We had some fellow sailors that became noticeable in the light winds: sailing jelly fish! These are either small Portuguese Men'o'war or a relative thereof, and have a little flat half-moon shaped sail that projects above the water. The sail is offset a bit so the jelly fish slowly rotates as it moves through the water. We thought there were a lot passing by at random intervals, but then we saw an entire armada glittering in the sun. They formed a path of maybe 100m wide, which extended as far as the eye could see in either direction.
A bit of excitement ensued after sunset: the steady chuffing of the engine suddenly changed to a weird clacking/rattling noise - yikes! Bjarne shut the engine down right away and we proceeded to investigate. Our air filter, it turns out, had self-destructed; we believe parts of the foam element went into the engine and interfered with the valves from closing properly. We started it up again and the noise diminished after about 20 seconds as the bits burned up. Marine environments don't have a lot of dust so it's easy to become complacent about checking the air filter. The last time I cleaned it, I noticed it was not in good shape, but we didn't have another and weren't anyplace where we could get one. I kind of forgot about it and it never occurred to me it could break down that much, but we should have checked it in Hawaii (where there are stores!). Now, with no Canadian Tire or West Marine in sight, we are running the engine without a filter. As I said, it isn't very dusty out here so it will probably be OK, but we are both a bit shamefaced at having neglected this bit of maintenance.
Tonight has been perfect for stargazing until past 0100h when the almost-half moon rose, leaving only the brightest stars visible. It was quite peaceful listening to the low rumble of the engine while searching for constellations, a sight especially appreciated after a few days of overcast. Tonight, I was pleased to finally figure out where Draco, the Dragon, is. Progress is marked by the disappearance of the Southern Cross below the horizon.
During the night, BJ spotted a light on the horizon. The big ships often have more than one light on so he thought it might be Corail IV. They didn't respond when he called on the radio though – and a few minutes later he discovers he was hailing a star. I wonder what his horoscope would say about that.
The winds remain light; we are traveling under sail at a slow pace - 2.5 kts this morning, gradually increasing to 3.5 by the late afternoon. In these light winds we are more susceptible to the swell, causing an annoying roll, but otherwise it's nice to have the engine off. We enjoyed the sunny day, read, and played ukulele.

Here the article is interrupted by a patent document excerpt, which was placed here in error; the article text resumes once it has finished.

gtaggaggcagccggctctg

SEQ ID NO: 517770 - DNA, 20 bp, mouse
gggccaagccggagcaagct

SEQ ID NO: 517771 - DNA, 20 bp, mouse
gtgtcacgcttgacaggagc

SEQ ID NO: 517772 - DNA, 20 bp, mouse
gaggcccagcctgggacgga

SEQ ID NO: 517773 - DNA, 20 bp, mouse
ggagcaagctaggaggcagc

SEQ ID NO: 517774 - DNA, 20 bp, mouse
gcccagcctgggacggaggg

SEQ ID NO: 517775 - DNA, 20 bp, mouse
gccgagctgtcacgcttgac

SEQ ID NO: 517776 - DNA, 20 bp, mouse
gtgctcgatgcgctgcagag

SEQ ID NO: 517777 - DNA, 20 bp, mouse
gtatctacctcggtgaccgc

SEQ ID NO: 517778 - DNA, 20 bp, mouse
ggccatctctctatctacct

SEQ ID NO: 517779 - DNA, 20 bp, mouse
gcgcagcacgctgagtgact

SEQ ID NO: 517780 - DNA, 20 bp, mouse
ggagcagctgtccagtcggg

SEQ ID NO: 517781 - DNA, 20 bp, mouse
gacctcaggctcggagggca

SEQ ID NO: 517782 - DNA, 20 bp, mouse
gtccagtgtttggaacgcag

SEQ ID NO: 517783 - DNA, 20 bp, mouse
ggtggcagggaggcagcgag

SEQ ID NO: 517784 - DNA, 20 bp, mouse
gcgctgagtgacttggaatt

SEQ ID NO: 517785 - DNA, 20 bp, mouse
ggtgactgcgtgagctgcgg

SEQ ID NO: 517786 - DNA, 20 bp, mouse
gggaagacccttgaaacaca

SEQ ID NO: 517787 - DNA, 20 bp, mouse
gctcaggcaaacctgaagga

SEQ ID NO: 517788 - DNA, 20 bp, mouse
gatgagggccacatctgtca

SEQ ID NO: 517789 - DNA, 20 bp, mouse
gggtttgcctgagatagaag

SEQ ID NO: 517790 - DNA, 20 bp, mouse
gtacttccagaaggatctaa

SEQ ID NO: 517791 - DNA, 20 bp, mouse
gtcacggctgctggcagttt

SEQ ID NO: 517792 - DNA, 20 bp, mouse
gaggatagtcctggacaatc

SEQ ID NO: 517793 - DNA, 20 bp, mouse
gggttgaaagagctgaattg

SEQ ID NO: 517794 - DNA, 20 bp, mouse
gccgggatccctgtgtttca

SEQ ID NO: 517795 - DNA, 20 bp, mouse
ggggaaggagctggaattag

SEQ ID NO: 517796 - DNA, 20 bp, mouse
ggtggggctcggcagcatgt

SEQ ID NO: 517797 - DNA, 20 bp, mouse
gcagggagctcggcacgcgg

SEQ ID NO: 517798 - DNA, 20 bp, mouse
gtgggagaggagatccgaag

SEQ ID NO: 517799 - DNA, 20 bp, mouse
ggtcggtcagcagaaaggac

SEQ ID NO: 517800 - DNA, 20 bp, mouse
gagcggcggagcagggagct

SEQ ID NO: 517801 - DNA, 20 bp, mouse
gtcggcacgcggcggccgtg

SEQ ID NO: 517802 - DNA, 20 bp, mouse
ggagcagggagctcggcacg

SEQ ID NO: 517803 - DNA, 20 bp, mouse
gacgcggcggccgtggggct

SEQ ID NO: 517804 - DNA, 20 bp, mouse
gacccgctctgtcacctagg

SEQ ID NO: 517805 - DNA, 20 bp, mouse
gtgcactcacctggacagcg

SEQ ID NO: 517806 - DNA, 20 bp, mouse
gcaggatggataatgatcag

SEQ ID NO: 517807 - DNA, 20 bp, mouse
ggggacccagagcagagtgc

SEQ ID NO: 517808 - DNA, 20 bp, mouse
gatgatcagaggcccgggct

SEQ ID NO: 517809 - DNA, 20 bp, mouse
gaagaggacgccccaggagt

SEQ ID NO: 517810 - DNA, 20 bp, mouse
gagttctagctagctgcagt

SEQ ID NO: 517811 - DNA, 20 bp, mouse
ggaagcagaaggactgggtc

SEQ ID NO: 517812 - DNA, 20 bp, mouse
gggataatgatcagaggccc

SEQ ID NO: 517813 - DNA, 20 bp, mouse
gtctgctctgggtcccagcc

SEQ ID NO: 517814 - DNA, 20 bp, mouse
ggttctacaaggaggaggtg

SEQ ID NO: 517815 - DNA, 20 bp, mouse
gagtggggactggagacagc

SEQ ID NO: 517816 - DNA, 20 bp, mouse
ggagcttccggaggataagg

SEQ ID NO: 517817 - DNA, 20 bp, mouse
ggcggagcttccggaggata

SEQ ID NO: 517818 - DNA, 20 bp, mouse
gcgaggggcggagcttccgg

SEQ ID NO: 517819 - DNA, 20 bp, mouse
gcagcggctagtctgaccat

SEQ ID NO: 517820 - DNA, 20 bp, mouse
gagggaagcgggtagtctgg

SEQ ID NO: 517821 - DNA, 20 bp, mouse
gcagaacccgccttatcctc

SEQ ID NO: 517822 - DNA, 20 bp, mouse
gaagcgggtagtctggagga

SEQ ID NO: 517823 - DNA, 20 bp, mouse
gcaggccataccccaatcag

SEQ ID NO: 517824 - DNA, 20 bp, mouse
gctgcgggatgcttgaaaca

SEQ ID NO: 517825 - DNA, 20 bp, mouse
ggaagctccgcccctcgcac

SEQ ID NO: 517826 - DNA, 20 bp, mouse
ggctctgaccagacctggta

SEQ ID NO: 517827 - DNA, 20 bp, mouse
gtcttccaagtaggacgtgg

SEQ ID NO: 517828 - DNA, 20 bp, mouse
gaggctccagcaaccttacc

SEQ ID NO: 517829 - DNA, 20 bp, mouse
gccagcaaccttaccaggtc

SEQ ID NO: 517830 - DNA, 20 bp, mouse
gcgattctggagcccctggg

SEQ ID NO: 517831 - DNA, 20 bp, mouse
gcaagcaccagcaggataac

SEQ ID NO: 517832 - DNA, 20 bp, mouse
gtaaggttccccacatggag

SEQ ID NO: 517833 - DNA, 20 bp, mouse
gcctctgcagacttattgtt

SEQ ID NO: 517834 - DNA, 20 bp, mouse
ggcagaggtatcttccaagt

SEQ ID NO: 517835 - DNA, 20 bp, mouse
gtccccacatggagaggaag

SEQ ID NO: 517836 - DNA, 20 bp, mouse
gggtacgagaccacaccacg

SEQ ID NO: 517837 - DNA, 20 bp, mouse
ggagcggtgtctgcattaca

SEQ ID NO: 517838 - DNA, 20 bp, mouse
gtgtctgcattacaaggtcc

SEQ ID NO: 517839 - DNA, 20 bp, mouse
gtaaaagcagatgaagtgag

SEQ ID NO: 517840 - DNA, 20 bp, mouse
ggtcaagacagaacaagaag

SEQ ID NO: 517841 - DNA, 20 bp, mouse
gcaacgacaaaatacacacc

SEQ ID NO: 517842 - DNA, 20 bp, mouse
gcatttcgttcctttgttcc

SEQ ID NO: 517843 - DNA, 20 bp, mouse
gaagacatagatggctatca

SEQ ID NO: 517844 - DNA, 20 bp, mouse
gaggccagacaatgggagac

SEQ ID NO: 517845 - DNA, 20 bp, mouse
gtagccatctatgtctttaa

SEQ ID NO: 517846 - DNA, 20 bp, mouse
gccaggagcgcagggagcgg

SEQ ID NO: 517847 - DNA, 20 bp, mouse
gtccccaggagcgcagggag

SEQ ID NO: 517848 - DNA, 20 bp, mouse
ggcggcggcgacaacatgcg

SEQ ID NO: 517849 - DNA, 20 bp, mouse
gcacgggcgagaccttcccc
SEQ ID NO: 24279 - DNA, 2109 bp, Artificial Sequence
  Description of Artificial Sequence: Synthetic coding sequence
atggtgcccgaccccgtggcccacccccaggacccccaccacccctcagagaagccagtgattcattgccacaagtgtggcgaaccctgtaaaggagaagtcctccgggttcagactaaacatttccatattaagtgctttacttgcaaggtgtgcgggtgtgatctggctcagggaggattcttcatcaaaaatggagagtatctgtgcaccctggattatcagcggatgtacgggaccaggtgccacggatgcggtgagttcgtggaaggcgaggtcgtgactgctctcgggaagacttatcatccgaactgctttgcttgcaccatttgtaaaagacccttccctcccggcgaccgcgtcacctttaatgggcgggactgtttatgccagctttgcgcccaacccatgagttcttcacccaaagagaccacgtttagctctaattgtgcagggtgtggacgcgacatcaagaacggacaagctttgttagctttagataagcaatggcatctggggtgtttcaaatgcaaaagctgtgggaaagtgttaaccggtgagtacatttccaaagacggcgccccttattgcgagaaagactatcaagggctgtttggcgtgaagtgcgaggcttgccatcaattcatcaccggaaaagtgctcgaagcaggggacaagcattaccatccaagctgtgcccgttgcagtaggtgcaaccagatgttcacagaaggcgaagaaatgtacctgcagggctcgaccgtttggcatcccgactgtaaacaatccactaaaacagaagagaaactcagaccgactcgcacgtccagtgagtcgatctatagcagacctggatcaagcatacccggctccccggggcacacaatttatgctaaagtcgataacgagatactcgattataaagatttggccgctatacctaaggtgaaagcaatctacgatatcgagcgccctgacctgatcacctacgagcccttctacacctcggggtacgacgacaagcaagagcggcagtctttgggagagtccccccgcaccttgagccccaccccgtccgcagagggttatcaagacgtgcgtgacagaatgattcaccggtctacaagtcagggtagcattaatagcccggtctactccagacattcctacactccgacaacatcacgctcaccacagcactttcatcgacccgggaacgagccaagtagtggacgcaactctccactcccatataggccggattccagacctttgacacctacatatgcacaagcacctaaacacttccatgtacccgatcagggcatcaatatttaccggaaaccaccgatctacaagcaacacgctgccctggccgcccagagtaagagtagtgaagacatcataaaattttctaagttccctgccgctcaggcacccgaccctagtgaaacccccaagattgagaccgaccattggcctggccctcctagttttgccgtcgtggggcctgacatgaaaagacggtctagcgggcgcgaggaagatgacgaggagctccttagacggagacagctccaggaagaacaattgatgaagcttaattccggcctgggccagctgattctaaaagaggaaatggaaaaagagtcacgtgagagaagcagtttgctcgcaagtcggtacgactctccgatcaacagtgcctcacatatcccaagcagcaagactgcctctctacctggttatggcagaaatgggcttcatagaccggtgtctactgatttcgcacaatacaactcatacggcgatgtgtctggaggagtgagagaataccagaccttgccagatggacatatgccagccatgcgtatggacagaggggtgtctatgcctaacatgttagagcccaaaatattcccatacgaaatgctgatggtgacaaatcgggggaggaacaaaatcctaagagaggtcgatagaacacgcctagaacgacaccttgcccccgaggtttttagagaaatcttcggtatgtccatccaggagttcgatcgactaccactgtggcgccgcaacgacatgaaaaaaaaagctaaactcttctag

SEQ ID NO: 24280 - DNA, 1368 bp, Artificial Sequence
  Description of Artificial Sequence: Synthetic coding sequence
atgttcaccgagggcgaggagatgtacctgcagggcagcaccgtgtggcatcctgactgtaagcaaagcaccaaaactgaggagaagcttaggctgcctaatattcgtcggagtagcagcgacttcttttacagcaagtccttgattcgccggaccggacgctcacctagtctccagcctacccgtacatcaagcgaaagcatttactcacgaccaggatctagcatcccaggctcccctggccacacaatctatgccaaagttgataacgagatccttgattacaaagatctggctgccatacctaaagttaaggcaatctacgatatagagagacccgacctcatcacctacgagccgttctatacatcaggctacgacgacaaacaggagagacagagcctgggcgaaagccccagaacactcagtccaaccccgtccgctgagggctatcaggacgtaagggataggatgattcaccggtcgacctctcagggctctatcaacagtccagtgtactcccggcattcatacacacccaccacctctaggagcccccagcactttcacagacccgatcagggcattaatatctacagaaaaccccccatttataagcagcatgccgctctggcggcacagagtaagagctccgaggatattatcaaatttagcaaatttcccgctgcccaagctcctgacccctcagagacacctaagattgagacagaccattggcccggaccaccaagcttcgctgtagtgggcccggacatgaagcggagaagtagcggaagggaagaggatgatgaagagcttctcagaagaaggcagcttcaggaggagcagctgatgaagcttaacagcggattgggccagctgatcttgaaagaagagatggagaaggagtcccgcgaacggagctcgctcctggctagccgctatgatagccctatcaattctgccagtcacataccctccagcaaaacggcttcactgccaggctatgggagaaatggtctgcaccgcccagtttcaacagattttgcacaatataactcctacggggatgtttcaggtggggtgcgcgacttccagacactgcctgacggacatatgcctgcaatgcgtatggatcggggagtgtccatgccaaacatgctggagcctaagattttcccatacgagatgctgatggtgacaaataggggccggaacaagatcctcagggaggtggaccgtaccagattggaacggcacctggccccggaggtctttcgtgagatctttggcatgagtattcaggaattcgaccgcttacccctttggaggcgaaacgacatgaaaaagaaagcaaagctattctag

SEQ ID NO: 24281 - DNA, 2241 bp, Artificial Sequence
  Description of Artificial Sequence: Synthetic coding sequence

In the early afternoon we overheard a US warship on the VHF radio telling another warship about conducting small arms firing practice! Our first thought was to ensure we weren't in their line of fire, so we hailed them on the radio. They hadn't spotted us before we called, but a few minutes later the watch officer indicated that they had us on radar, could see us, and wouldn't be coming close enough for us to be in danger. As they approached (eventually passing one on either side of Freya) we kept alert but as promised they didn't hit us.
We determined that we still have a minor leak but we can't figure out where exactly the water is getting in from. It leads to a small amount of water pooled in one of the settee lockers, but can wait until we get home to track it down.
Dolphins visited BJ during his watch, but he let me sleep on...
The first day of summer is not best celebrated in the North Pacific: we sat in the cockpit this morning wearing our many layers, eating oatmeal, and sipping hot tea. We had a hearty chili for supper.
Our nightime dreams are becoming land-based – BJ dreamed he was in Canadian Tire. He set off the store alarm when he opened the packaging on a claw hammer. I dreamed that Bjarne called me to the cockpit to steer the boat while he did a sail change, but I was having trouble keeping Freya on the correct side of the road.
This day brought more light wind sailing combined with motoring. For a while the Great Pumpkin moved us along nicely, but we don't like to have the spinnaker up at night. It's too hard to take down quickly, or by only one person.
We had fresh bread, cooked up from dough made the night before, with baked apples for breakfast – perfect for a cold, rainy day.
The barometer had dropped 10 millibars in the last 24 hours and the weather fax showed we were at the bottom of a low pressure system. This brought us more wind (35 knots) than we preferred but at least it was in a good direction; we moved along at a good clip and reached the “Halfway to Home” mark earlier in the day than we had expected. Bjarne was on watch for the time when the seas were the worst: he describes Freya being poised at the top of a couple of steep 5 m waves, and then pushed by the wind down the wave, losing the ability to steer while surfing down the face of the wave as fast as the water is moving. Spray was flying from the bow and then Freya would come to a quick halt in the valley of the waves. He was consoled by the fact that these large swell waves weren't breaking, and that most of the waves were quite a bit smaller. Too bad I slept through that.
Two years ago today we were sailing out the Strait of Juan de Fuca, about to begin our first offshore passage. We sure are a lot less tired than we were that day. We reflected on how much more comfortable we were with passage making now, which isn't to say we won't be mighty happy to reach land. Calm seas, light winds and some hazy sun convinced us to bare our necessities to the chilly air and have a shower in the cockpit. That, and fresh sheets on the berth in honour of passing halfway were exciting enough, but to add to the celebration we had a fine supper of pizza and coke. As we were doing the dishes, I called out to invite the whales to come visit. A few minutes later I was startled by a loud whoosh of a whale spouting off! It surfaced twice, allowing us a look at its back with a small dorsal fin and then vanished. I told Bjarne I didn't want to abuse my powers, so would wait until tomorrow to call the dolphins.
In honour of our country's anniversary, breakfast was pancakes with maple syrup, or more appropriately, maple syrup with pancakes. As we hung out in our 6 layers of clothing in the drizzle, we thought enviously about folks at home, wearing their shorts and t-shirts, going to outdoor concerts, and watching fireworks. Bjarne suggests we set off a flare...